We provide high quality tents, sleeping mats, and all cooking utensils.
You will need to bring the following items. We’re happy to provide recommendations as we’ve climbed with many adventurers such as yourself, and we know what works and what doesn’t. The clothing guide is recommended for 7+ days. If you are on a shorter 6 day hike, you may be able to bring fewer items.
Your clothing will be worn in layers throughout your trek. Being able to quickly add or remove layers will maximize your health and happinessA�as your journey progresses.A�Your layers should beA�insulating and breathable. They shouldA�not be jeans or cotton, as moisture does not pass through and stops the wicking process.
- 4-5 pairs of sports underwear; 2 sports bras for ladies
- 2 pair long underwear top and bottom (lightweight base layers)
- 1 light shirt for the first two days. A collar shirt is useful to protect your neck from the sun
- 2 pairs long pants/trousers – wind and water resistant
- 2-3A�fleeces, layerable
- 1 waterproof jacket A�- wind resistant, water resistant. This should be a mid-weight winter jacket (500-700 grams).
- 1A�down jacket (available for hire)
- 1 lightweight rain-gear/poncho, optional but highly recommended
- GoreTex trekking boots: waterproof, breathable, andA�well worn inA�(we cannot stress this enough) with good ankle support. Medium-weight boots are recommended
- 5 pairs of wool trekking socks. Acrylic or acrylic-blend will also work, but you should avoid cotton. They should be snug but not tight
- 2 pairs extra thick / heavy thermal socks and 1 pair of liner socks
- Gaiters — waterproof protection that covers your boots and calves. They are useful for the descent as there is a lot of loose gravel; can also keepA�mud, water and rocks out of your boots.A�(available for hire)
- Sun hat/cap that fits comfortably in your day pack
- Wooly hat and/or baclava
- Headlamp with extra batteries – very important!
Hands and Walking
- Inner pair of gloves, thermal
- OuterA�pair of gloves, thicker and waterproof
- Hand warmers are optional, but our clients always tell us they’re glad they brought them!
- TrekkingA�poles are optional, thoughA�highly recommended. They are very popular on the trail now. Your knees will thank youA�(available for hire)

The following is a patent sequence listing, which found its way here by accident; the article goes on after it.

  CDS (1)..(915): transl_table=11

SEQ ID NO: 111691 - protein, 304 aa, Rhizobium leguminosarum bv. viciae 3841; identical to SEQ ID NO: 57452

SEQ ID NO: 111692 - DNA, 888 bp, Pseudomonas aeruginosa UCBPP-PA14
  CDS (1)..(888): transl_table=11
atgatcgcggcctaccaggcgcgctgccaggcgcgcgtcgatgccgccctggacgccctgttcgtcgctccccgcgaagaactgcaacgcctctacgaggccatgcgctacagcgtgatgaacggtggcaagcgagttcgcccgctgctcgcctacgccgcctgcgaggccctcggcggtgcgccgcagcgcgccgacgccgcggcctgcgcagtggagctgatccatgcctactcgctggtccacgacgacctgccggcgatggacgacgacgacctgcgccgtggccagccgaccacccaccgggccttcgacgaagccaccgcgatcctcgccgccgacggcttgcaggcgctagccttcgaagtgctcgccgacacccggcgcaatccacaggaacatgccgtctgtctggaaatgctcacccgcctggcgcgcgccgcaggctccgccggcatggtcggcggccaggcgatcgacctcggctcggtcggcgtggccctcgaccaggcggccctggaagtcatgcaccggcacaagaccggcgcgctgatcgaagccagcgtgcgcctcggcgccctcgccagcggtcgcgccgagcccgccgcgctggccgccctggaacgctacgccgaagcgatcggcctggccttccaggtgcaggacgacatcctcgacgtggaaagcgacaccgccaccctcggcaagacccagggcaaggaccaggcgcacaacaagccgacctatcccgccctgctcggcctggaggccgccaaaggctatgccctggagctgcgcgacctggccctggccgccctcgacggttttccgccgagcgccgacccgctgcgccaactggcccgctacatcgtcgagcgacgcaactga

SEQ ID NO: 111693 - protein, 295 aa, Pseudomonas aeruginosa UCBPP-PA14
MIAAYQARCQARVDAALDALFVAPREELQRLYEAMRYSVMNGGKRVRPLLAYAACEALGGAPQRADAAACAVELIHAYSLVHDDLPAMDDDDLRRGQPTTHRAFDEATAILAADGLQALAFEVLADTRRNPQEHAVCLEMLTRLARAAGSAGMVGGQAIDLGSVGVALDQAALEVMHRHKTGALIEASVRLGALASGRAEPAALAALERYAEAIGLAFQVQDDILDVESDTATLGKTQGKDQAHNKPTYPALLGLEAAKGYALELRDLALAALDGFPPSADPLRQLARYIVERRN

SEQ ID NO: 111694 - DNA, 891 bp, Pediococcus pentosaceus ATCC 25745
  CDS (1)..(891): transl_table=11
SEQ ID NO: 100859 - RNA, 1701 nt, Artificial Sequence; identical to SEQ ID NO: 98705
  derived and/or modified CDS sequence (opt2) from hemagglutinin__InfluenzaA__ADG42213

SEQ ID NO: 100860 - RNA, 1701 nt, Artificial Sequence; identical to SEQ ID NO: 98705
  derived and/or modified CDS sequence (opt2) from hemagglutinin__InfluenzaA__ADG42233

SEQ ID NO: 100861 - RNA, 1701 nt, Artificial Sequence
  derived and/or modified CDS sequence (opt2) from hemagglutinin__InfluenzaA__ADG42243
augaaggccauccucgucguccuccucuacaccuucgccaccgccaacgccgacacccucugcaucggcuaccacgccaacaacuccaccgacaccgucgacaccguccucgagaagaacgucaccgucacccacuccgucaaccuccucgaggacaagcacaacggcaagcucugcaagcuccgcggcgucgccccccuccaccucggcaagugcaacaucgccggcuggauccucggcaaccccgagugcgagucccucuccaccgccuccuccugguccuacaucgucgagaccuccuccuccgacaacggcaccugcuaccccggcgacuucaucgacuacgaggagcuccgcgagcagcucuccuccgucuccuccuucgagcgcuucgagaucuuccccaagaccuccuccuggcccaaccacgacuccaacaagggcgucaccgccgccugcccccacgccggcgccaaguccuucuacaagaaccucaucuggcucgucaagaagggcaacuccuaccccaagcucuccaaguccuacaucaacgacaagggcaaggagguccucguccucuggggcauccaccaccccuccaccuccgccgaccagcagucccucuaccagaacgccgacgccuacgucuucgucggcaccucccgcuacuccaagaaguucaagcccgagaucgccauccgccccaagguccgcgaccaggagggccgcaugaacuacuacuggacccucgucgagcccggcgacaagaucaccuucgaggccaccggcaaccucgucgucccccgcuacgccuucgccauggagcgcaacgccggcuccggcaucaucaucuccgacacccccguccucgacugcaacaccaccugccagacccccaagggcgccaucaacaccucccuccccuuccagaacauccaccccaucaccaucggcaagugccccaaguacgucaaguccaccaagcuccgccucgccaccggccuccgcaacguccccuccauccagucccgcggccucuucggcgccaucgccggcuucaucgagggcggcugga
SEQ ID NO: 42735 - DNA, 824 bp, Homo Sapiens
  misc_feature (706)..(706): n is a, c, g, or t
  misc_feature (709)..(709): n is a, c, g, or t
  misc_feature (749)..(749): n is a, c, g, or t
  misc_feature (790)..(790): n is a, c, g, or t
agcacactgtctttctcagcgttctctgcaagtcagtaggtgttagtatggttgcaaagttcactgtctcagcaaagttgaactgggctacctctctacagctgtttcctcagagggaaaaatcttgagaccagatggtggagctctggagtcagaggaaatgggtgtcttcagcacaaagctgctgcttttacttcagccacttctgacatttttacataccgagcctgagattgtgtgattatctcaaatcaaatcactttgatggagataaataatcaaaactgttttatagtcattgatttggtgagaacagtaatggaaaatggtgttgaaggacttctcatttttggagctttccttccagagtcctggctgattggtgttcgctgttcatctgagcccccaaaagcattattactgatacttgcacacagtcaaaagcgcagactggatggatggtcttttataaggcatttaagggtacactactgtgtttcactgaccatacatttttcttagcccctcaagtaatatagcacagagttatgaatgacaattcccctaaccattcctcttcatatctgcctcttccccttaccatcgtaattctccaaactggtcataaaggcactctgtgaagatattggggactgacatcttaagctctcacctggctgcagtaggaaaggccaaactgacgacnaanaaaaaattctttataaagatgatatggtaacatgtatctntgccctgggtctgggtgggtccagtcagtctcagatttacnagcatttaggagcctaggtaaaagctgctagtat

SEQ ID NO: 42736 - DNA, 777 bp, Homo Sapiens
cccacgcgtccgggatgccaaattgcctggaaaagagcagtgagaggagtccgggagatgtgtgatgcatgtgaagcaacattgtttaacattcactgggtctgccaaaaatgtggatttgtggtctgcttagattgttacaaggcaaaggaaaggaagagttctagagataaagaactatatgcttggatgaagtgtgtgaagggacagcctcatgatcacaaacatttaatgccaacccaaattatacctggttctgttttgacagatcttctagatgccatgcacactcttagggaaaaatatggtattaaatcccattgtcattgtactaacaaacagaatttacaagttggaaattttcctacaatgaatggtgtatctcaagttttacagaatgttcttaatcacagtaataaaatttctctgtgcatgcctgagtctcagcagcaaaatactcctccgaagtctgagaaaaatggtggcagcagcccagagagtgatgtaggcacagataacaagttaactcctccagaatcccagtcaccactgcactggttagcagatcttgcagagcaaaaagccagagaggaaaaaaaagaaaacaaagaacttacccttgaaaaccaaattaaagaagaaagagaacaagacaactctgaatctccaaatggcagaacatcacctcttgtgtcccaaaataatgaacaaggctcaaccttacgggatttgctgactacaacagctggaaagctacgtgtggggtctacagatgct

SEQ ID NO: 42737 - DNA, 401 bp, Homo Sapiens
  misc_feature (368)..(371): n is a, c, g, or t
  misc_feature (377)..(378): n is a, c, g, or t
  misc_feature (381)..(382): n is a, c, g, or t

- A good sleeping bag, rated for at least 14F (-10C) / four seasons. We recommend down sleeping bags – (available for hire andA�cleaned after every trip)
- A sleeping bag liner is optional, though recommended
Backpacks and Water
- Day bag – approximately 25 litres and will keep items you need accessible during the day (sunscreen, sunglasses, snacks, water, money, camera). Ensure your day bag has a rain cover.
- Duffle bag – Approx. 60 litre capacity, this can be a large backpack (internal frames only) or a duffle bag.
- Water bottles and Camelbak (3 litres worth). Camelbak’s are really convenient and recommended (just make sure you blow the water back into the bladder on your summit day or it will freeze in the tube)
- A Sigg style metal/aluminium water bottle is optional, and can also be used as a hot water bottle at night
- Sunscreen and lip protection, SPF 30+
- Sunglasses – The UV is intense at this altitude, so make sure you have a good pair of shades.
- Bag locks, travel wallet
- Toiletries: toothbrush, toothpaste, wet wipes, small hand sanitizer, deodorant
- Feminine hygiene products
- Ultra light travel towel
- Energy bars – protein bars are good but don’t go too high in protein or your stomach will be working really hard to digest it. (And your stomach is already working hard at this altitude!)
- Band-aids (plasters), Compeed blister patches
- Advil/Ibuprofen, Malaria tablets, Diamox (Acetazolamide)
- Camera, spare batteries/memory cards, ear plugs, plastic bags and zip lock bags
- If you are able to, unlock your phone so you can use a local sim card (available for hire)